between pine nuts and forest animals has been considered in this plan. P.monophylla
nuts are becoming very important to the entire southwestern ecosystem. These
migratory birds are going to rely upon the areas of pinyon forest with nut
producing trees, as do deer.
At this time, it is impossible to predict what numbers and types of wild
life species may be migrating into Nevada, where there are pine nuts. While
black bears are not currently included as inhabitants of this eco-system,
I offer the following information as an example of the importance of indigenous
nuts to animal populations. The natural diet of bears is 90 percent made
up of nutritious plants - especially nuts, berries and grasses. Early-season
frosts followed by the drought all but wiped out the bears' traditional diet.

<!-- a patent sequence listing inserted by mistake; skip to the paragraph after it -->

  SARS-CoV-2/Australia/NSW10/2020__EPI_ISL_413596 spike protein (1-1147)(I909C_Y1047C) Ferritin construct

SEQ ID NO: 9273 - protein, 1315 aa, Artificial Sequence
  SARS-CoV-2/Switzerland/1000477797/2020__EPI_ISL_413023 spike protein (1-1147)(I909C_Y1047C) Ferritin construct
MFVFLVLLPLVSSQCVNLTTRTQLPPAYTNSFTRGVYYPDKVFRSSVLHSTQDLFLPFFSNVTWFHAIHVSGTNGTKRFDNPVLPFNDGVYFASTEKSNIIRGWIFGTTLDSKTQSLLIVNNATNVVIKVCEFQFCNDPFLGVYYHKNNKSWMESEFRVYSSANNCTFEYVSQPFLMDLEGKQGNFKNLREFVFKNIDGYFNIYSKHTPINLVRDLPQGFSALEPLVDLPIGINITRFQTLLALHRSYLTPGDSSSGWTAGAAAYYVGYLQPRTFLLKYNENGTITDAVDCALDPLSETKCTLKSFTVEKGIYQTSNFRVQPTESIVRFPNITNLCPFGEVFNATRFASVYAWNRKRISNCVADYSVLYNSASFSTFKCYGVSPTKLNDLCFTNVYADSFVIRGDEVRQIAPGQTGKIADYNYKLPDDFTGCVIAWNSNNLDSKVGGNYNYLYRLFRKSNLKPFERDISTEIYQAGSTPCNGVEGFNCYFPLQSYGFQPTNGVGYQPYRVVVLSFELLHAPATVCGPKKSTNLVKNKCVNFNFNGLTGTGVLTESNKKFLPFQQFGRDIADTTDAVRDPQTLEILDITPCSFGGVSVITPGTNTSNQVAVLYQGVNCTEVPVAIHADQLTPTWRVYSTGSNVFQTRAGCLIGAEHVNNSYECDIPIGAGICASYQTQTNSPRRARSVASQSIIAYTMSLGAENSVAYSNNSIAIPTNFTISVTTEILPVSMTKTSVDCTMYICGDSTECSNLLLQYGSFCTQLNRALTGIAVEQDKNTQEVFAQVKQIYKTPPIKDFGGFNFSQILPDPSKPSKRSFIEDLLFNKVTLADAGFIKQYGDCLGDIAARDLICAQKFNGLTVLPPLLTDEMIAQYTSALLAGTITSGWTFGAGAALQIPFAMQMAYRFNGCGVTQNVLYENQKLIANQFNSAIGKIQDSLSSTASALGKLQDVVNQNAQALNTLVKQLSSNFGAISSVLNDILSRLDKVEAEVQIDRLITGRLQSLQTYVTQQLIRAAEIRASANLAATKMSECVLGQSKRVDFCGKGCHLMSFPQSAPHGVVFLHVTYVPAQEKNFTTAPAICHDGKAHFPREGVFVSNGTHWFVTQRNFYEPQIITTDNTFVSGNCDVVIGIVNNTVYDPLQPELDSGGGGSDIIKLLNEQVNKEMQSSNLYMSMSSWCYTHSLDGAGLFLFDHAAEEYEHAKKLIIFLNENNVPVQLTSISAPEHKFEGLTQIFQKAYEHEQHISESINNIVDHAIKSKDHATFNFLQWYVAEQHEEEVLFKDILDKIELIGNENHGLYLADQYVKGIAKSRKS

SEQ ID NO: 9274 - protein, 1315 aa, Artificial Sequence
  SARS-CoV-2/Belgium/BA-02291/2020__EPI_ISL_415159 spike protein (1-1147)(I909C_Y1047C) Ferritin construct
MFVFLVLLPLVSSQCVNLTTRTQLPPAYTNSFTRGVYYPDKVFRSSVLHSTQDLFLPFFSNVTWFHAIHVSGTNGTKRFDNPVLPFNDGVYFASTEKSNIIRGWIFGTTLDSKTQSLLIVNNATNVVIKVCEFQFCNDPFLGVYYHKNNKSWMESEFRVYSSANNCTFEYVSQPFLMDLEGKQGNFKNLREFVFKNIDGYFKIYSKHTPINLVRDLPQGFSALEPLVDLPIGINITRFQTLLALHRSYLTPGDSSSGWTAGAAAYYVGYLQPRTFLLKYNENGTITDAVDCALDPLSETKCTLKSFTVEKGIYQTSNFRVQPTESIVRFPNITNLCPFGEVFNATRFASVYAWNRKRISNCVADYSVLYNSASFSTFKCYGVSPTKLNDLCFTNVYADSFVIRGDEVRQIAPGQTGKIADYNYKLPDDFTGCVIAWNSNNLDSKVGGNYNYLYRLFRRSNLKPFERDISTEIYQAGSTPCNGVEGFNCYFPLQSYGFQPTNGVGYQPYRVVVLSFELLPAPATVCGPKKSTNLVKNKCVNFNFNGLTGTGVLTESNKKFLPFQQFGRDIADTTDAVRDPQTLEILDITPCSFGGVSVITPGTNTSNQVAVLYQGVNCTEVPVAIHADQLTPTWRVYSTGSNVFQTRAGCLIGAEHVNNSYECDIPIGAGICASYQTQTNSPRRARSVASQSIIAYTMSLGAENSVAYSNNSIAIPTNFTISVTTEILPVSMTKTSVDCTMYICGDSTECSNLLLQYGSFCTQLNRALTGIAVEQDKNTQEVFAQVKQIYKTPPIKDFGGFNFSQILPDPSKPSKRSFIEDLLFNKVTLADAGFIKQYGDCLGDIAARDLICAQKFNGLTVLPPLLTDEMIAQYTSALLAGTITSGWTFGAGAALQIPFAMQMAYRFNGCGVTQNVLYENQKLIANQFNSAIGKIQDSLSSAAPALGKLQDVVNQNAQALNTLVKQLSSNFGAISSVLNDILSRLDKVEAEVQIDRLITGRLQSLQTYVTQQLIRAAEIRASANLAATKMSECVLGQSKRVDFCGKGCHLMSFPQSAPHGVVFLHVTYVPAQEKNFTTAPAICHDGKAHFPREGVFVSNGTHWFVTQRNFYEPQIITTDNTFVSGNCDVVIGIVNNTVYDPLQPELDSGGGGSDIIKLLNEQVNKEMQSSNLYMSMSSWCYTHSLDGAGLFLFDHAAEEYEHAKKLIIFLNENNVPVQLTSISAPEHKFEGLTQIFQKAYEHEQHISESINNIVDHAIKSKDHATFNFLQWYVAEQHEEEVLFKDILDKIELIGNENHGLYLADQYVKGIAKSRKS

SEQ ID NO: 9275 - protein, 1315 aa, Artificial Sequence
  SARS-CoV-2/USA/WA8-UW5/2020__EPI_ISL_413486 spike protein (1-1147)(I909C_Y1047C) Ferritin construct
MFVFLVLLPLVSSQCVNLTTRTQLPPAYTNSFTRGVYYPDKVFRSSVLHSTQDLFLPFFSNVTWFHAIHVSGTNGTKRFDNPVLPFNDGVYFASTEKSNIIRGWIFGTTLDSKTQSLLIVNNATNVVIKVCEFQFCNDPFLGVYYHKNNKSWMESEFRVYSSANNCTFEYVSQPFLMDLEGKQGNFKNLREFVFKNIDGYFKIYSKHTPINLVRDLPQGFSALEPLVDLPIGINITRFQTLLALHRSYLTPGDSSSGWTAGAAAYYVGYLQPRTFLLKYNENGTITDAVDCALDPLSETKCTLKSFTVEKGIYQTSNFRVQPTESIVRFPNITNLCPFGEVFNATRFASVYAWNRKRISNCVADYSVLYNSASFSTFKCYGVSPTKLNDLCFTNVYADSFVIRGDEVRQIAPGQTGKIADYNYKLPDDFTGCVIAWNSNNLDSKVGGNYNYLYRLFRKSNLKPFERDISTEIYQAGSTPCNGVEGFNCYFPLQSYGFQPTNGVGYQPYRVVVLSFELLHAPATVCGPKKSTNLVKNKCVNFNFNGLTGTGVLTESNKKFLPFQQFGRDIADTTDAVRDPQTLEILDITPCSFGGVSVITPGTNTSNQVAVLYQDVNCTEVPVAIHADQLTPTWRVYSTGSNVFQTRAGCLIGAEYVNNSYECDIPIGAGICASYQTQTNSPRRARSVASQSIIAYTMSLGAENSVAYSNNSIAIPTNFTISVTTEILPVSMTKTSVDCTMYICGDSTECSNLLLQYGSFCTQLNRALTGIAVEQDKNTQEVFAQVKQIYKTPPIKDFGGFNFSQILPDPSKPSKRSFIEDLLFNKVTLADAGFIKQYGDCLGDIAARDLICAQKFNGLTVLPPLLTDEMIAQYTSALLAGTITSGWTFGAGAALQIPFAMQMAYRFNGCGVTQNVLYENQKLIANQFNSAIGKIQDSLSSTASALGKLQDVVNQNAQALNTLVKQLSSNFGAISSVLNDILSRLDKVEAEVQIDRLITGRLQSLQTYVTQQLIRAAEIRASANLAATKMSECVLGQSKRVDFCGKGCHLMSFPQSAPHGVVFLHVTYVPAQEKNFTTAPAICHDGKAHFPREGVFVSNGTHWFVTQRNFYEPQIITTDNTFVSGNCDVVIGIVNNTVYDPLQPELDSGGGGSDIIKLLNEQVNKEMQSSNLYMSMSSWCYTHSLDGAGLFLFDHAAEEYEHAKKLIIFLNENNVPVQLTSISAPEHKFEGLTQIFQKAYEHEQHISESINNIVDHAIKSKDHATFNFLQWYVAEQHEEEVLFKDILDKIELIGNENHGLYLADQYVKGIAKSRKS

Those that didn’t build up enough fat face starvation in their dens. Underweight
females may end their pregnancies by reabsorbing their fetuses into their
bodies or bear cubs too weak to survive. 1 We personally provided 1,000 lb.
of p.monophylla pine nuts, for wild life rehabilitation centers, and research
protects involving wildlife, which would normally utilize p.edulis.
One indication of bears in search of food
is human/bear encounters. Complaints about nuisance bears have soared by
7,000 percent in northern Nevada in the last 12 years.(4) In as much as a
bear can travel 40 miles a day in search of food, it is not beyond reason,
that some of these starving animals might end up in this region, looking
I am offering the new information about the
edulis harvest, together with realization that no problematic assessment
address the larger issue of overall health of all pinyon species. This plan